Phantom of the Paradise comes as a 2-disc set, with one Blu-ray and one DVD. However, this is not a dual-format edition. The film is on the Blu-ray, while the DVD contains additional extras.
Presented in the 1.85:1, Scream Factory has provided an excellent transfer. While no one would mistake it for a film shot today, the numerous colors are vibrant and well saturated and the blacks are deep and inky. The film grain is tight, with no obvious digital compression. Skin tones look fairly natural, though a few shots do fluctuate a bit.
The film offers both a DTS-HD MA 5.1 surround mix and a DTS-HD MA 2.0 stereo mix. While both sound really good, the DTS-HD MA 5.1 surround mix gives the music quite a welcome boost. I would definitely suggest using the 5.1 mix, but it’s wonderful to have the stereo mix available for purists. Dialogue and effects sound wonderful in both tracks.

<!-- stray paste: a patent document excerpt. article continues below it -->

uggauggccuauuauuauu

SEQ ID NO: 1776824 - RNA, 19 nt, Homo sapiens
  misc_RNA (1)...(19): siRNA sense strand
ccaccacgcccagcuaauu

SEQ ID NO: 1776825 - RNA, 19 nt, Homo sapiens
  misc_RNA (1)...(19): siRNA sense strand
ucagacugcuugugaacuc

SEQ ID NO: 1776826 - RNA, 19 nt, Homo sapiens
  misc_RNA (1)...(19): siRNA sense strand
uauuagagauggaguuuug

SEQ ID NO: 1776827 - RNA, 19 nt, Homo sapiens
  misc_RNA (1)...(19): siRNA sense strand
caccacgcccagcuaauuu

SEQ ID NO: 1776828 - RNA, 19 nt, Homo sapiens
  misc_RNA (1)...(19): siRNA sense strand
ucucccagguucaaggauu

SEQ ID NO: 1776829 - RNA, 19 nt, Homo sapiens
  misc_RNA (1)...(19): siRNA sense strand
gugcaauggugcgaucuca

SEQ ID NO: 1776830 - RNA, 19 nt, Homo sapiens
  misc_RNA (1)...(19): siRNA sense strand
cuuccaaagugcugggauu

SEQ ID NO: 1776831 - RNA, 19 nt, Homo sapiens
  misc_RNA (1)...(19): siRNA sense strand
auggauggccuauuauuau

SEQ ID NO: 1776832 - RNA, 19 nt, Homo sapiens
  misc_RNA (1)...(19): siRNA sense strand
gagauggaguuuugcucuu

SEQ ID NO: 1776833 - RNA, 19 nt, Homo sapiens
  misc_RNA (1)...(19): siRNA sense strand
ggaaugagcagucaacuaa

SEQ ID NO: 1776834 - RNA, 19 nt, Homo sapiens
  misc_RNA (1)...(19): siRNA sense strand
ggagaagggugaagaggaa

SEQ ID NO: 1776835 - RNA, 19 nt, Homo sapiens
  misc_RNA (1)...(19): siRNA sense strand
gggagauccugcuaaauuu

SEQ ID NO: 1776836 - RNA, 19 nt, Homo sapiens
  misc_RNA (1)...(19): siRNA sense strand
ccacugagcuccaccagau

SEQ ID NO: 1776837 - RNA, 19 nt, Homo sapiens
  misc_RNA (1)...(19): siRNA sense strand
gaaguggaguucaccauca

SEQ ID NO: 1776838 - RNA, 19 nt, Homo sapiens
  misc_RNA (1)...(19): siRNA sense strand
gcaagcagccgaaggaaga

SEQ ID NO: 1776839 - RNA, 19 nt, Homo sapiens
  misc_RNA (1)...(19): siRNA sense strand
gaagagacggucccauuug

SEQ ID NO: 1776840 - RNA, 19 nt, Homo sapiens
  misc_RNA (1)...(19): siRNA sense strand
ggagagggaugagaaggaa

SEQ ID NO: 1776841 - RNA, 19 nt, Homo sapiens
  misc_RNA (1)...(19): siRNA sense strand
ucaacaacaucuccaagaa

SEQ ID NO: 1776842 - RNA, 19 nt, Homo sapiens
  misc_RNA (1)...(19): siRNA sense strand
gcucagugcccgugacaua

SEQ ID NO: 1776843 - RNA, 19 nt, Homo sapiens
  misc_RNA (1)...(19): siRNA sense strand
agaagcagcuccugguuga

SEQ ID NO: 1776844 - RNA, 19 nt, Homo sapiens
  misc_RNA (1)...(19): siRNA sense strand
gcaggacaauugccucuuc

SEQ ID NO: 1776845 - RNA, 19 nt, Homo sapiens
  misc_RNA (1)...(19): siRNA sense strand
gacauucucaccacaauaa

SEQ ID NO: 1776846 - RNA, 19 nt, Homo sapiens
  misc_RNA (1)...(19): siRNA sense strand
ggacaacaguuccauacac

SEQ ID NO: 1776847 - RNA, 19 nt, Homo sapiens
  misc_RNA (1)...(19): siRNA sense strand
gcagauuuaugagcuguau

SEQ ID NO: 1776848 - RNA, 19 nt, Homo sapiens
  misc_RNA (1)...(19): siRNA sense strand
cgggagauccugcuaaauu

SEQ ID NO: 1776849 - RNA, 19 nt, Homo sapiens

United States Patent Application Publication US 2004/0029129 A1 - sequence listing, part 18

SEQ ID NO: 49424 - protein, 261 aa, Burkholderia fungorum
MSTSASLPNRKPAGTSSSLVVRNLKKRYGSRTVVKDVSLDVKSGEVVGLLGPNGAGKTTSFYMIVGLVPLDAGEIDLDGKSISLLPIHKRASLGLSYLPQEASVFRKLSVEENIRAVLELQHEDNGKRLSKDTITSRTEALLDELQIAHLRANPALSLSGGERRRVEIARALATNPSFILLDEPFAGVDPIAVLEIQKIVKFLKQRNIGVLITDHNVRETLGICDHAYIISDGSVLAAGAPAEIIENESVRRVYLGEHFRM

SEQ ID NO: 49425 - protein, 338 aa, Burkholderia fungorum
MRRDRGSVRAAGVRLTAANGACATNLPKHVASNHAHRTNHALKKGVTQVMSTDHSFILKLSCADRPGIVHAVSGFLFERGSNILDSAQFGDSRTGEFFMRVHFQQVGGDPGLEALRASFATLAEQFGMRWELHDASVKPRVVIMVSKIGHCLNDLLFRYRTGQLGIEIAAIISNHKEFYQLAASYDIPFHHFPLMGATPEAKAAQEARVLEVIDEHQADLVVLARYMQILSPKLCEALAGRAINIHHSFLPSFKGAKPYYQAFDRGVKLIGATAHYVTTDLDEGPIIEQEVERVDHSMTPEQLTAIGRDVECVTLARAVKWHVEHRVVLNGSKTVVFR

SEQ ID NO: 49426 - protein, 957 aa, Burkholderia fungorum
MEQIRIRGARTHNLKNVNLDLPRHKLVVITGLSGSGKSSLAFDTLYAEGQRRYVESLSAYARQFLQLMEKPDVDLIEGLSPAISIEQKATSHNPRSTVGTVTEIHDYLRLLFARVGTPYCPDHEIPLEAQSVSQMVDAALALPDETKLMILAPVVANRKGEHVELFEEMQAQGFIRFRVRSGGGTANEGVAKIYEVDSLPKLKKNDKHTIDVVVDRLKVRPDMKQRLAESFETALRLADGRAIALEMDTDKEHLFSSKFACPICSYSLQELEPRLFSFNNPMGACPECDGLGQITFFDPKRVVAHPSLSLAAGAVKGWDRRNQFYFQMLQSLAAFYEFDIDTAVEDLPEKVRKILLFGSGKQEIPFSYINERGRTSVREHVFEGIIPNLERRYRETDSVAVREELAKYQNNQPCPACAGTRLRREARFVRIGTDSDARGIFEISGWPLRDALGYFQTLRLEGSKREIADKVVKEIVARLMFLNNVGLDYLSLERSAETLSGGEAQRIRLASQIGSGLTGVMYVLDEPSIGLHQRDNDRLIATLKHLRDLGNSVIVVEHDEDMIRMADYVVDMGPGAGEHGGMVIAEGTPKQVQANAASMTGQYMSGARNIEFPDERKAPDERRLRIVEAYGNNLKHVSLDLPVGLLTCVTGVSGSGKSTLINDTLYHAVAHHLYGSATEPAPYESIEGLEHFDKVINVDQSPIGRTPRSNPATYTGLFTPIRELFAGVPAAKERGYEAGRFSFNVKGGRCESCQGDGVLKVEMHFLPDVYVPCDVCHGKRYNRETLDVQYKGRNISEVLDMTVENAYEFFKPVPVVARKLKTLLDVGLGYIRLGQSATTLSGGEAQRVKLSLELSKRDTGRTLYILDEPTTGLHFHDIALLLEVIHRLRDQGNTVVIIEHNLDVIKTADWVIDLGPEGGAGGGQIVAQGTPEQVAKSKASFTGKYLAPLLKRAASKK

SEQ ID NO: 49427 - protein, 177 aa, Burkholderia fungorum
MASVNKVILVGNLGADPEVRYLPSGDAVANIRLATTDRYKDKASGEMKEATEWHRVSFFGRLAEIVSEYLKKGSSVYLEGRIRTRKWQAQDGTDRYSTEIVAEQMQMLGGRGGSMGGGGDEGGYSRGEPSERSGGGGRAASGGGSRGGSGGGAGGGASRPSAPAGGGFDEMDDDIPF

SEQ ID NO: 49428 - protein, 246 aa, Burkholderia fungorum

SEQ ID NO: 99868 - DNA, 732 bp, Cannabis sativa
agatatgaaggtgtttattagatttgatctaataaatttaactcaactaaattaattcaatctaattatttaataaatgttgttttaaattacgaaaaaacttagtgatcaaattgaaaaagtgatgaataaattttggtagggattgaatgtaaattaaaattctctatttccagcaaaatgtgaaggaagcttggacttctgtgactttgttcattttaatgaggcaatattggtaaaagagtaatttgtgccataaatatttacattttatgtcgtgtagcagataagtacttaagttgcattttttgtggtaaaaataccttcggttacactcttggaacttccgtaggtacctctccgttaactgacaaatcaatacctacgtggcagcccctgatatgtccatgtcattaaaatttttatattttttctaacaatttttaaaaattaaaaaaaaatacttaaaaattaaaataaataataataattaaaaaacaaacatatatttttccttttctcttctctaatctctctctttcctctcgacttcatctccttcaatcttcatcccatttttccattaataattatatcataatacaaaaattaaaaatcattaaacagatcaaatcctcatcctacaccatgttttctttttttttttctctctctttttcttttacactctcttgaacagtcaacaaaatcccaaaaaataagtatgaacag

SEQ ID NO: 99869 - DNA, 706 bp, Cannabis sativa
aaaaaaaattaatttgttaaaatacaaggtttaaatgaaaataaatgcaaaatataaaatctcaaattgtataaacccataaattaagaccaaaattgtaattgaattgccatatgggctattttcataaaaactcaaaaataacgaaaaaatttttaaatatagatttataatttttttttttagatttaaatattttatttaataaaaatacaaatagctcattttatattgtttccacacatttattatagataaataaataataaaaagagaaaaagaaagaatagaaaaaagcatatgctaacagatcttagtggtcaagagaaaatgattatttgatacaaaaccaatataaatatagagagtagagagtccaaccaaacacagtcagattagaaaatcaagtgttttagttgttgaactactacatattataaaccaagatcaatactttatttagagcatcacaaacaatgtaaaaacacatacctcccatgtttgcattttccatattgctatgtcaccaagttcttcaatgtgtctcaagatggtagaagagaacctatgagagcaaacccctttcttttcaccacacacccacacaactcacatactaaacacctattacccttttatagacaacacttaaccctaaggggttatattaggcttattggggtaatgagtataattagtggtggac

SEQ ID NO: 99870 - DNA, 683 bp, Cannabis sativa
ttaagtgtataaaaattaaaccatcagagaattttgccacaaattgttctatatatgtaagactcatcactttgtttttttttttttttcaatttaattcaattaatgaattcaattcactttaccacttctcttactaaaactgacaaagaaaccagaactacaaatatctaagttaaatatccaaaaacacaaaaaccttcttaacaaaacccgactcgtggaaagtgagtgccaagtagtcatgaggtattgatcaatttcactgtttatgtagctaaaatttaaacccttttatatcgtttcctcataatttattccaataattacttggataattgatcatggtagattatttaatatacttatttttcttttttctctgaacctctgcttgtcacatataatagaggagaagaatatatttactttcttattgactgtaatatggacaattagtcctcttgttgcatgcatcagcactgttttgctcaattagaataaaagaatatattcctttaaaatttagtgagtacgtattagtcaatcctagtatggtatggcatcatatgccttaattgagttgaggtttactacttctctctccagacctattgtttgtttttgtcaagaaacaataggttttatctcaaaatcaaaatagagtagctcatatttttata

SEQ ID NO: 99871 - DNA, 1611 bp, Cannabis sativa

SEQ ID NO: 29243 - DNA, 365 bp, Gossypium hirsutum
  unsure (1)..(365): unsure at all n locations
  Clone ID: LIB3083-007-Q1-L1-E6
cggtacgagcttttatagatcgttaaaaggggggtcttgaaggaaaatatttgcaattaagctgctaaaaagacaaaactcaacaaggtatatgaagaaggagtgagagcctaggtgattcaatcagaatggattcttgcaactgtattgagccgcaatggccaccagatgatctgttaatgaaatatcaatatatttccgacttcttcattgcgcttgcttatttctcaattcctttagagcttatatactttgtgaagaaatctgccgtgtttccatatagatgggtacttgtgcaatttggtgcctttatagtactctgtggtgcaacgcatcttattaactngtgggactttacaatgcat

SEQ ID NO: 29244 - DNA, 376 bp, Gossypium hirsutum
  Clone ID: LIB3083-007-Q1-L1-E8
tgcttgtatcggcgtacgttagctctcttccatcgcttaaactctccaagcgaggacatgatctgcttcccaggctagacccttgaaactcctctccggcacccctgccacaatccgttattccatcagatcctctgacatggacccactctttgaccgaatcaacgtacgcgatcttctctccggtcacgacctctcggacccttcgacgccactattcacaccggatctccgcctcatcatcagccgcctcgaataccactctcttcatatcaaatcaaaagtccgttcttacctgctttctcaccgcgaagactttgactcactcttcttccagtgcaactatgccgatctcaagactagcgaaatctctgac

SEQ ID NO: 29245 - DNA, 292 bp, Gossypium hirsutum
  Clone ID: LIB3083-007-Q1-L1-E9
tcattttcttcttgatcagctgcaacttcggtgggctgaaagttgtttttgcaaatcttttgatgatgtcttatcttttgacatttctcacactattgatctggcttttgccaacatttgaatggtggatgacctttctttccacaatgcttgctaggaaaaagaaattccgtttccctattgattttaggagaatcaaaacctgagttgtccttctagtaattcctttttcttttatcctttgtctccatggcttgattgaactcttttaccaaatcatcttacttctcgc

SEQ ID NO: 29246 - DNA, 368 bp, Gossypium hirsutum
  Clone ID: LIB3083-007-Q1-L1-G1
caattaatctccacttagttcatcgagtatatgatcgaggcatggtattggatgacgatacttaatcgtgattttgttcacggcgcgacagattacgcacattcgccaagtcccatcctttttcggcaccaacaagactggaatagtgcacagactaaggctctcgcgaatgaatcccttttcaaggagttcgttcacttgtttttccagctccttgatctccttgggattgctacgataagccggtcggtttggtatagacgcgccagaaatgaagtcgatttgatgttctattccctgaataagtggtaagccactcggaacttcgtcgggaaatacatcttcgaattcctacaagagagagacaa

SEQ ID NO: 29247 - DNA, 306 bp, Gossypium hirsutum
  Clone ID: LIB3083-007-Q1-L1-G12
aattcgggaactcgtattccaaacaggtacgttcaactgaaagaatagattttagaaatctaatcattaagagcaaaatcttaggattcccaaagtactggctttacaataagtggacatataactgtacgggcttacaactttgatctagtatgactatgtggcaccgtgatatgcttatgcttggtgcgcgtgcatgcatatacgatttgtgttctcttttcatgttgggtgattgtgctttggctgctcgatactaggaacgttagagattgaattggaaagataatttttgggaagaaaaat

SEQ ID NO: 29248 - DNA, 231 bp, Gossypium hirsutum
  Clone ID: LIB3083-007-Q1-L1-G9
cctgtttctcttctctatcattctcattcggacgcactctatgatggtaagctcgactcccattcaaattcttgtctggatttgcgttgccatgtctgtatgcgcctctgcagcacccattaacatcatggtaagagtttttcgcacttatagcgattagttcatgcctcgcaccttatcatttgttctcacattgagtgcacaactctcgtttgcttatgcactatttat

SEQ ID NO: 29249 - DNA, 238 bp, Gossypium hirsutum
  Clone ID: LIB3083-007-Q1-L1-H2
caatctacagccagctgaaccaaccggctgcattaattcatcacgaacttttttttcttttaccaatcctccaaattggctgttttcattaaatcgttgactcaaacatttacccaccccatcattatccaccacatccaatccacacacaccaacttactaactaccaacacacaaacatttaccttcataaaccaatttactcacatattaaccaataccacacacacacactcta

English subtitles are included.
- Audio Commentary with Jessica Harper, Gerrit Graham and The Juicy Fruits (Archie Hahn, Jeffrey Comanor, and Harold Oblong AKA Peter Elbling): A look at the film from the actor’s point of view, recorded in three separate settings and then spliced together. Very giggly and chatty, Harper shares some thoughts about working with Williams and Graham touches on cinematography and lightning. Around the 70 minute mark, there’s an overlap at the end of Harper’s comment and the beginning of Graham’s. It lasts about 20 seconds.
- Audio Commentary with Production Designer Jack Fisk: Fisk discusses doing the job on a very limited budget, and working with his future wife, Sissy Spacek as set dresser.
- Brian De Palma Backstage at the Paradise (HD, 33:07) A new, in depth interview with the writer/director in which he shares his thoughts on nearly every aspect of the film. He’s appears a bit grouchy when discussing certain things, but anyone familiar with De Palma knows, he’s not particularly laid back.
- Paul Williams Soul Inspiration (HD, 34:54) The film’s star and composer discusses how the film allowed him the opportunity to do things he wasn’t ordinarily able to.